MPs voted yesterday, Tuesday, by 301 to 289 to reject an amendment by the House of Lords for a Leveson 2-style inquiry into the media. It was the second time in a week MPs rejected the inquiry.
Labour front benchers said it was inconceivable they would push for Section 40-style costs sanctions again.
After the vote, the News Media Association said: “We welcome the Commons’ clear decision to reject Leveson 2 and punitive costs sanctions and look forward to the early repeal of Section 40 of the Crime and Courts Act.
“Yet another costly statutory inquiry into the news media inevitably would have demonised the entire press for past failings of a few, and led to more recommendations damaging freedom of speech. The ICO’s increased powers must be carefully assessed and we will seek an early meeting with the Information Commissioner. Together with IPSO, and its compulsory arbitration scheme,
newspapers – local, regional and national – are subject to greater accountability in the UK than in any other western democracy.”
Salisbury MP John Glen told Valley News: “As you know, I have always been a strong supporter of the free press. Amendments to the Data Protection Bill would threaten that. The proposed amendments to the Data Protection Bill are trying to introduce Section 40 and reopen the Leveson Inquiry through the back door.
“The Government set out its intention to end the Leveson Inquiry without undertaking Part 2 and to repeal section 40 at the first appropriate opportunity. After conducting a thorough consultation on the Leveson inquiry, the Government determined that that reopening the Leveson Inquiry is not in the public interest, and that Section 40 is no longer necessary.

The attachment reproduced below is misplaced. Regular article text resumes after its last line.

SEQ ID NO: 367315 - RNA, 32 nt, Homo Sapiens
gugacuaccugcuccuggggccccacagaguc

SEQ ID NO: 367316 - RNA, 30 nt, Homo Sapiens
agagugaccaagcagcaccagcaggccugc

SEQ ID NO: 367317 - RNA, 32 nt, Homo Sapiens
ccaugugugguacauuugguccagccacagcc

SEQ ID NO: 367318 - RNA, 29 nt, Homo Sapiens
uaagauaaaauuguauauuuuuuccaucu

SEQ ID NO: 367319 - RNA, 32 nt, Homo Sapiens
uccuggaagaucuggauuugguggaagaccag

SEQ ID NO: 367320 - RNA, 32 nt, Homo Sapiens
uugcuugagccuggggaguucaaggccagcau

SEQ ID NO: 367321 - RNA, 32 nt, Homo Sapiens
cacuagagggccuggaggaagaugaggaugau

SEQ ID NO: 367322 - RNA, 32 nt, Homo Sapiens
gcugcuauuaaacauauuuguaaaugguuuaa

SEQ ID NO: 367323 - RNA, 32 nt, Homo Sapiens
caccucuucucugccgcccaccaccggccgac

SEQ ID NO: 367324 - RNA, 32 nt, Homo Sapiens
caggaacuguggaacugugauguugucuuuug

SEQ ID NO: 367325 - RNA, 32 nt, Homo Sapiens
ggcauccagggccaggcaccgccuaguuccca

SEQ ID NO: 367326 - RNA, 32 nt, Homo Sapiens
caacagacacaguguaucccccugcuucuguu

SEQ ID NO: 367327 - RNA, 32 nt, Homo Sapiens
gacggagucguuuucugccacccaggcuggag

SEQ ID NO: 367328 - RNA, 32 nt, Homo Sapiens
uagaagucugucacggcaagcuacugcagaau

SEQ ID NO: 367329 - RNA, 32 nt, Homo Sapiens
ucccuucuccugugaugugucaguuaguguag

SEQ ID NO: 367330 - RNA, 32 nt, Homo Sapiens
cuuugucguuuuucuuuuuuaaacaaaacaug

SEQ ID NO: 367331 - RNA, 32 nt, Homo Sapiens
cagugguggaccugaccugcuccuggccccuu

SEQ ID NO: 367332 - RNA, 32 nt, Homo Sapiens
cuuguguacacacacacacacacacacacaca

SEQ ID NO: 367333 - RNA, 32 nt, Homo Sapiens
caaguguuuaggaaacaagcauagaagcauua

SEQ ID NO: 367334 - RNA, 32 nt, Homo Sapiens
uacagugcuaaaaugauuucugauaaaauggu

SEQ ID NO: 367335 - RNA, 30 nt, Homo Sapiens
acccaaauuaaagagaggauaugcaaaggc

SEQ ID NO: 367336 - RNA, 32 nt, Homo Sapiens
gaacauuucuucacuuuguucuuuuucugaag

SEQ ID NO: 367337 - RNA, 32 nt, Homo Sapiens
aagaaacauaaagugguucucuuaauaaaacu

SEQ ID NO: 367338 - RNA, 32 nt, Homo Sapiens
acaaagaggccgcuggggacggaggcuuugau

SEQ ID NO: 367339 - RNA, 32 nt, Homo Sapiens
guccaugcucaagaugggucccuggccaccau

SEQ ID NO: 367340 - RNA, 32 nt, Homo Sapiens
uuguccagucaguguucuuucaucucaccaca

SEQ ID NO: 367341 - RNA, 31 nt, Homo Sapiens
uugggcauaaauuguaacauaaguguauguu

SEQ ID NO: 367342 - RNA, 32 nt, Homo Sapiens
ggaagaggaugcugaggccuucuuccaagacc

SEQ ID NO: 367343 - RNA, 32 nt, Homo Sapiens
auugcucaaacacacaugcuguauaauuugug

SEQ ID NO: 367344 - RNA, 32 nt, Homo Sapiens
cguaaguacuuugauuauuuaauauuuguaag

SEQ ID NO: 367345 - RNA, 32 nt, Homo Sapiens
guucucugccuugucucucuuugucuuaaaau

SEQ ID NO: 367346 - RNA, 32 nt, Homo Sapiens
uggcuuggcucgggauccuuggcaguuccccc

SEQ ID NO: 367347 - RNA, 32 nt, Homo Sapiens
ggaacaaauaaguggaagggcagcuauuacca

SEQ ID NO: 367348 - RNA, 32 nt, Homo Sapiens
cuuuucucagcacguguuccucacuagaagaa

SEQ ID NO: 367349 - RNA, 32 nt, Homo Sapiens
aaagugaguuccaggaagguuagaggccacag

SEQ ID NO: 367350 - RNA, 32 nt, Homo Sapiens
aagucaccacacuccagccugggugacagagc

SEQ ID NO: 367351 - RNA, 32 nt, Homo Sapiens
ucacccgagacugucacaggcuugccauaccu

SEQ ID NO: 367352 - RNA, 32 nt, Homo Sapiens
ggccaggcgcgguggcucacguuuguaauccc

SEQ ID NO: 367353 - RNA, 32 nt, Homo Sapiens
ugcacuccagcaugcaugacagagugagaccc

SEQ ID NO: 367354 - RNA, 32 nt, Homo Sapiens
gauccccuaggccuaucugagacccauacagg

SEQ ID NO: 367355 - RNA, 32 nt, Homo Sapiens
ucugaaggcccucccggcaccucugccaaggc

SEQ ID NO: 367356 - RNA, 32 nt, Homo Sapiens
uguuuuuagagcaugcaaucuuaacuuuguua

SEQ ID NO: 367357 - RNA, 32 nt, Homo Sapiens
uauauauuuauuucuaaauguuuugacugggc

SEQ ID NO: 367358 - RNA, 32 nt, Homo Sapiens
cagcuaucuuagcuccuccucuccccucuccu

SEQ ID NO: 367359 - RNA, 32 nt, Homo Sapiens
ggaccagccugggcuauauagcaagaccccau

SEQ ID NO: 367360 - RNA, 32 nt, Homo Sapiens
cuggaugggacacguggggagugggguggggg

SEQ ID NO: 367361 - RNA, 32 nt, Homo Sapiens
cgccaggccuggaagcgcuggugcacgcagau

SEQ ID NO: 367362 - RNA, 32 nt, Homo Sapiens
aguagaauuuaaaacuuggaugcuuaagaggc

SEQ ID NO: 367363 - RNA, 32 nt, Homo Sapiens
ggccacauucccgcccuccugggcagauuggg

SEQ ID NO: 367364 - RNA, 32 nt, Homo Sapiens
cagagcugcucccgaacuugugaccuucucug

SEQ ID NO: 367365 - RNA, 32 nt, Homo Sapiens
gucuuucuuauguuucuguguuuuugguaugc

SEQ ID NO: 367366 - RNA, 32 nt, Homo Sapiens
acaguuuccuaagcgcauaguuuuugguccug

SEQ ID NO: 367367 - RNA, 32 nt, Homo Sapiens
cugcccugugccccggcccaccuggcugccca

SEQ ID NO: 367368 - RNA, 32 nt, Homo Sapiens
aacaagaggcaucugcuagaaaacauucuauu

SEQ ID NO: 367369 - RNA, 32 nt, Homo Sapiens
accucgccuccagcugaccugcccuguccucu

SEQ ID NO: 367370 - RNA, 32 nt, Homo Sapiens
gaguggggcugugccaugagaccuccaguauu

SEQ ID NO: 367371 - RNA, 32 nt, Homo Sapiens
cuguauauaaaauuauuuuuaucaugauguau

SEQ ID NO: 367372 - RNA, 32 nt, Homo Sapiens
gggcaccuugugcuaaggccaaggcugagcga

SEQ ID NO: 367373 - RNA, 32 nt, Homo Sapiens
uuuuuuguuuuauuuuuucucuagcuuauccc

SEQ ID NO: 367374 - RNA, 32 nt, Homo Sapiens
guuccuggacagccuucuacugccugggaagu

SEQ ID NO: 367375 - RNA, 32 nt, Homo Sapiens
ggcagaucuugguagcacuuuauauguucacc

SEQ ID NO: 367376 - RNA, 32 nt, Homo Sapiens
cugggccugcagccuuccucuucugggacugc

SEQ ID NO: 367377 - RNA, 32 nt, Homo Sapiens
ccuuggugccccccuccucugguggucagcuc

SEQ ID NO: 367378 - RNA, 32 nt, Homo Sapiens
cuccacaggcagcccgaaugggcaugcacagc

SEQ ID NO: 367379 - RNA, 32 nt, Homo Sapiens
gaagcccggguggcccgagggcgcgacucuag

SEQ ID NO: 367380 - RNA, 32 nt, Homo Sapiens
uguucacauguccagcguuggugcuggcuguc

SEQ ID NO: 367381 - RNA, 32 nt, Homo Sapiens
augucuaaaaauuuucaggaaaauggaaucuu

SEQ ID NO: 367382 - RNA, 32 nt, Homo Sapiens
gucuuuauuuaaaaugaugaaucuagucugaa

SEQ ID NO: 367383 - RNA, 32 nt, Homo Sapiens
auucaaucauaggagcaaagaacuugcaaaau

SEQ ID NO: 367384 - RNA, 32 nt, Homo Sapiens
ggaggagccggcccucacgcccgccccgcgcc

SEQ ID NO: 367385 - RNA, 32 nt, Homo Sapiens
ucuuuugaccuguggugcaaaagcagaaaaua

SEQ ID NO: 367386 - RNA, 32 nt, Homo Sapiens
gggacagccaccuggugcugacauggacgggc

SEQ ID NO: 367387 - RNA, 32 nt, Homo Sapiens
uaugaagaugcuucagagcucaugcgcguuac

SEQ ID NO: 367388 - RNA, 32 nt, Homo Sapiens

“Commencing Leveson 2 and implementing Section 40 would restrict press freedom, undermine high quality journalism, and have a significant negative impact on local press, which is already struggling. More than 200 local papers having closed since 2005 and approximately two thirds of local authority areas do not have a daily local newspaper. The commencement of Section 40, even in respect to Data Protection could jeopardise the financial viability of local press, which provides an essential local voice for communities up and down the country.
“A free and sustainable press with effective regulation, and public access to a fair and low cost complaints procedure, can be achieved without resorting to Leveson 2 and Section 40. The Bill protects the confidentiality of sources and supports well run investigative journalism, but does not give journalists a free hand. This strikes the right balance between freedom of expression and the right to privacy.”